Wara art drawcard at The York Festival

Wara art at The York Festival.
Wara art at The York Festival.

YORK may offer residents of the Wheatbelt town a relaxed lifestyle but it keeps Jenny Garroun busier than she has ever been before.

Six years ago, the cafe and gallery owner noticed WA’s oldest inland town, once known for its festivals, had gone quiet after events had either dissipated or moved to other locations.

Her response was to start The York Festival which gets bigger and better each year.

“It’s a festival that celebrates its location in the Wheatbelt,” festival director Garroun said.

“The atmosphere of the festival is different to a lot of events where there is a central energy with lots of activities happening in that location.

“Our activities are spread right across the town and more and more of the York community are involved.

“The York Festival is presented by LiveLighter so we’re encouraging people to park their car, grab the trail map from Town Hall and walk to as many of those locations as they possibly can.”

This year’s events run across three weekends from September 28 to October 13, with music, art, food, performance, workshops, exhibitions and activities for all ages.

Wara art at The York Festival.

The main attraction will be the Japanese Wara art sculptures around the town centre.

“A few years ago we had a hay bale challenge which was a sculpture competition that invited artists to make a sculpture using a small bale of hay,” Garroun said.

“After the 2017 festival I was introduced to Wara art (using rice straw) which they’d been doing in Japan for nine years.

“I thought it was amazing and wondered if we could do that with wheat straw, so we invited them to help us last year.”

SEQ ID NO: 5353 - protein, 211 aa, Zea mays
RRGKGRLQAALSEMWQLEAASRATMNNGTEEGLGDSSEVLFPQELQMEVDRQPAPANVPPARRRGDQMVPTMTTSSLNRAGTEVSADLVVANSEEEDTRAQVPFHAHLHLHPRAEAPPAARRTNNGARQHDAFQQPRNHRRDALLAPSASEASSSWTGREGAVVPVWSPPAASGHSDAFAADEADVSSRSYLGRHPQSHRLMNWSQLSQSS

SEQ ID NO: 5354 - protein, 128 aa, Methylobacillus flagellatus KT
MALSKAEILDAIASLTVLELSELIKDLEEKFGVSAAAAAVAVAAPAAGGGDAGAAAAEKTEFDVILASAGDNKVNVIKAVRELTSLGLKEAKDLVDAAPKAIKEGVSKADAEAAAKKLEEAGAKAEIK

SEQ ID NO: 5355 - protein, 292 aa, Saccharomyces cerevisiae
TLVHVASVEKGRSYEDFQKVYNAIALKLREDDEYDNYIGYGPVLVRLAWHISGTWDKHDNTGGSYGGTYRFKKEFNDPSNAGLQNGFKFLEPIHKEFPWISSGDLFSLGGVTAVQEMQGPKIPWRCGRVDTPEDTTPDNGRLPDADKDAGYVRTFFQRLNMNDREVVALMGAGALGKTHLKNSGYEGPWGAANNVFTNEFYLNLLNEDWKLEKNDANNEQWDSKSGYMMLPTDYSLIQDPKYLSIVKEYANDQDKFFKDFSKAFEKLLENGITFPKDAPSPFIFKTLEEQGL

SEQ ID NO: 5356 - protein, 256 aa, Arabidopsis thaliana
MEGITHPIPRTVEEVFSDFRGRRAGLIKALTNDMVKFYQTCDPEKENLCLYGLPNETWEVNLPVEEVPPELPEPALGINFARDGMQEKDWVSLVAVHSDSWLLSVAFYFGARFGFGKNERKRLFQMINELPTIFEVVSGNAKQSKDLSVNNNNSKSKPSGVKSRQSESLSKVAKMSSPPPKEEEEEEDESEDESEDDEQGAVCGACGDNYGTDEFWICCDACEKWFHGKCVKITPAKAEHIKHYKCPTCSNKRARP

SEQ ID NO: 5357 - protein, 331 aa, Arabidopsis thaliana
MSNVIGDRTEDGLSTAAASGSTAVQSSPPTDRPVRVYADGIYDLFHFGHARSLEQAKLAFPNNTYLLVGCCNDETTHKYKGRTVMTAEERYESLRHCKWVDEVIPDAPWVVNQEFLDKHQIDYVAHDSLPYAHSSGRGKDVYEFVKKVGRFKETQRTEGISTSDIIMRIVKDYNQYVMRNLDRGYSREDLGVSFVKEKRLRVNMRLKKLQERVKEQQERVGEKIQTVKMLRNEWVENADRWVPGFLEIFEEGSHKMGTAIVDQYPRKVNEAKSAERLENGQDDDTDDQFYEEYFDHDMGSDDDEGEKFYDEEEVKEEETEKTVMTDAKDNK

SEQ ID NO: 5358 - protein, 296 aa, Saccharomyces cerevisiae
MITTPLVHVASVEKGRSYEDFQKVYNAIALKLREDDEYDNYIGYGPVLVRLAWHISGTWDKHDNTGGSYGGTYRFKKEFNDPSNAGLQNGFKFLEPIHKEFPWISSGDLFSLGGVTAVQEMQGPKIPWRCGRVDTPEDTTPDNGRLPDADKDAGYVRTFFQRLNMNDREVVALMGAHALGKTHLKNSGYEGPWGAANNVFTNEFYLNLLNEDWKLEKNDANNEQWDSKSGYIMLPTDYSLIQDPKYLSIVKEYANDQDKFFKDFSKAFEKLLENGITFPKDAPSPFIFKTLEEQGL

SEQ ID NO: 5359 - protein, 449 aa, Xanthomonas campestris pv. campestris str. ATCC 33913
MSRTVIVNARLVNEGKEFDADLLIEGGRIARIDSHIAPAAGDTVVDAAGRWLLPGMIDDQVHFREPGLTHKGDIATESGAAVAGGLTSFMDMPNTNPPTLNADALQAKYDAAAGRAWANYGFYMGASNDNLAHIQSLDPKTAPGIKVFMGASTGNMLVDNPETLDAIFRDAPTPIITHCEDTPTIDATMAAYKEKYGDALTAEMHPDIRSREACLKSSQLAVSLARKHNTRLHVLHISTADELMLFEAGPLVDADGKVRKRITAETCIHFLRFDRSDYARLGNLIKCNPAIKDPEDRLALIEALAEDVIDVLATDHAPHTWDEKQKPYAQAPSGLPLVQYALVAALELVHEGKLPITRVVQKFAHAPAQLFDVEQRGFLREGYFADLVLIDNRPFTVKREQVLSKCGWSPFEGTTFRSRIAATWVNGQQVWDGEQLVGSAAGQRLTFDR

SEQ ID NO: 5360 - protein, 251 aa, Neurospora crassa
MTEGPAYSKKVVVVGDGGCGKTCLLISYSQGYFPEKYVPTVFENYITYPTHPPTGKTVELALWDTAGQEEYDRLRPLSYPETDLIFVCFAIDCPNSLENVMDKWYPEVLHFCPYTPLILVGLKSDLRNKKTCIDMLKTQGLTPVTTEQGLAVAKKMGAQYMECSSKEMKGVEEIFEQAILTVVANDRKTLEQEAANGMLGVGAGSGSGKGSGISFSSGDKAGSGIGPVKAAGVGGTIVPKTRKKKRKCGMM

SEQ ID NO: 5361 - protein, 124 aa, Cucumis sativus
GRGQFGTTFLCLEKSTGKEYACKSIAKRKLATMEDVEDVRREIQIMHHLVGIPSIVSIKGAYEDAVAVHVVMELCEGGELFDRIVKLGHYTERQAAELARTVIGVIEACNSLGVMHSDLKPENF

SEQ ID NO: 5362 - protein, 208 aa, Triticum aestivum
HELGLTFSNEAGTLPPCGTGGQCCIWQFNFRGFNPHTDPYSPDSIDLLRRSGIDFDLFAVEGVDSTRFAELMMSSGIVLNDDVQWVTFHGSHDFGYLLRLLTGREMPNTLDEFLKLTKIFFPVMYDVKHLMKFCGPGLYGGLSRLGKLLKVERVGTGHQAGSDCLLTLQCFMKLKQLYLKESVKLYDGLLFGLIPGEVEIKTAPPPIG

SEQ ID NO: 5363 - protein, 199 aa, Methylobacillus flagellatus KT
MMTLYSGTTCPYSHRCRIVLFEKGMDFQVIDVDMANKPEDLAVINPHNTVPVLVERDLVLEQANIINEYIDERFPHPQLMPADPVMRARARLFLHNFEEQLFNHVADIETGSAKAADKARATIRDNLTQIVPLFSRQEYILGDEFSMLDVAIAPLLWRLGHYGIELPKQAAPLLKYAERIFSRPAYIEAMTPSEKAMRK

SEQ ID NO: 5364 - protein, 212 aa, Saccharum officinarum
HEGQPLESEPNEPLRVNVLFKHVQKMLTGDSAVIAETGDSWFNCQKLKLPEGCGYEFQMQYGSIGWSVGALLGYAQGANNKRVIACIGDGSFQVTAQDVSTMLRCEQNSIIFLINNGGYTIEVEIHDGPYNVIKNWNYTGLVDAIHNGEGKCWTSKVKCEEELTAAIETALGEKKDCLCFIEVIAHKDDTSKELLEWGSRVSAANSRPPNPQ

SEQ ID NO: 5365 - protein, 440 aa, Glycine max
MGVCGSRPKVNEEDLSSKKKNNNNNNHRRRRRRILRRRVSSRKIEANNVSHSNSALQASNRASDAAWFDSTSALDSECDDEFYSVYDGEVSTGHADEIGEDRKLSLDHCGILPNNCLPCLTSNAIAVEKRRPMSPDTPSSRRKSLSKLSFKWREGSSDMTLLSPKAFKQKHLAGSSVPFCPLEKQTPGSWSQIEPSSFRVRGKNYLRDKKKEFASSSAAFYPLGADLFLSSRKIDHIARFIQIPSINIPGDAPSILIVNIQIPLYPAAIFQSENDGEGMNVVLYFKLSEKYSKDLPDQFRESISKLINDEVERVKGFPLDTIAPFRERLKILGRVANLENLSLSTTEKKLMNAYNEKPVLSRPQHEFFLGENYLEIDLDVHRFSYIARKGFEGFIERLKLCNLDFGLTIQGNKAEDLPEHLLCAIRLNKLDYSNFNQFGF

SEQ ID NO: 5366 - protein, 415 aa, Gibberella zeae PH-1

The designs were done in Japan and then the Wara artists travelled to York, staying for five weeks to work with Australian artists and lots of volunteers.

The result was three sculptures of endangered fauna that proved incredibly popular.

Wara art at The York Festival.

“You can’t believe something so big could be made out of such a flimsy material,” Garroun said.

“We didn’t have a long-term game plan and thought they’d just be pulled down and taken apart at the end of the festival, but people loved them so much that we left them up.

“At the moment they’re looking rather shabby because they’ve been through the winter rain but structurally they’re quite sound and are about to have a bit of a facelift.

“We’re aiming by the time this year’s festival opens that there will be six sculptures; two from last year and four new ones from this year.

“People can learn a little bit about Japanese culture and endangered Australian fauna at the same time.”

Japanese culture will also be celebrated at A Day in Japan on October 5 with tea ceremonies, martial arts, origami, bonsai and other events.

“WA exports more than 50 per cent of Japan’s annual consumption of noodle wheat,” Garroun said.

“With increasingly more Japanese visitors coming to see what we’re doing, we thought it would be nice to celebrate Japanese culture.”

Entry to festival events is free or by gold coin donation.

The program is at www.yorkfestival.com.au.

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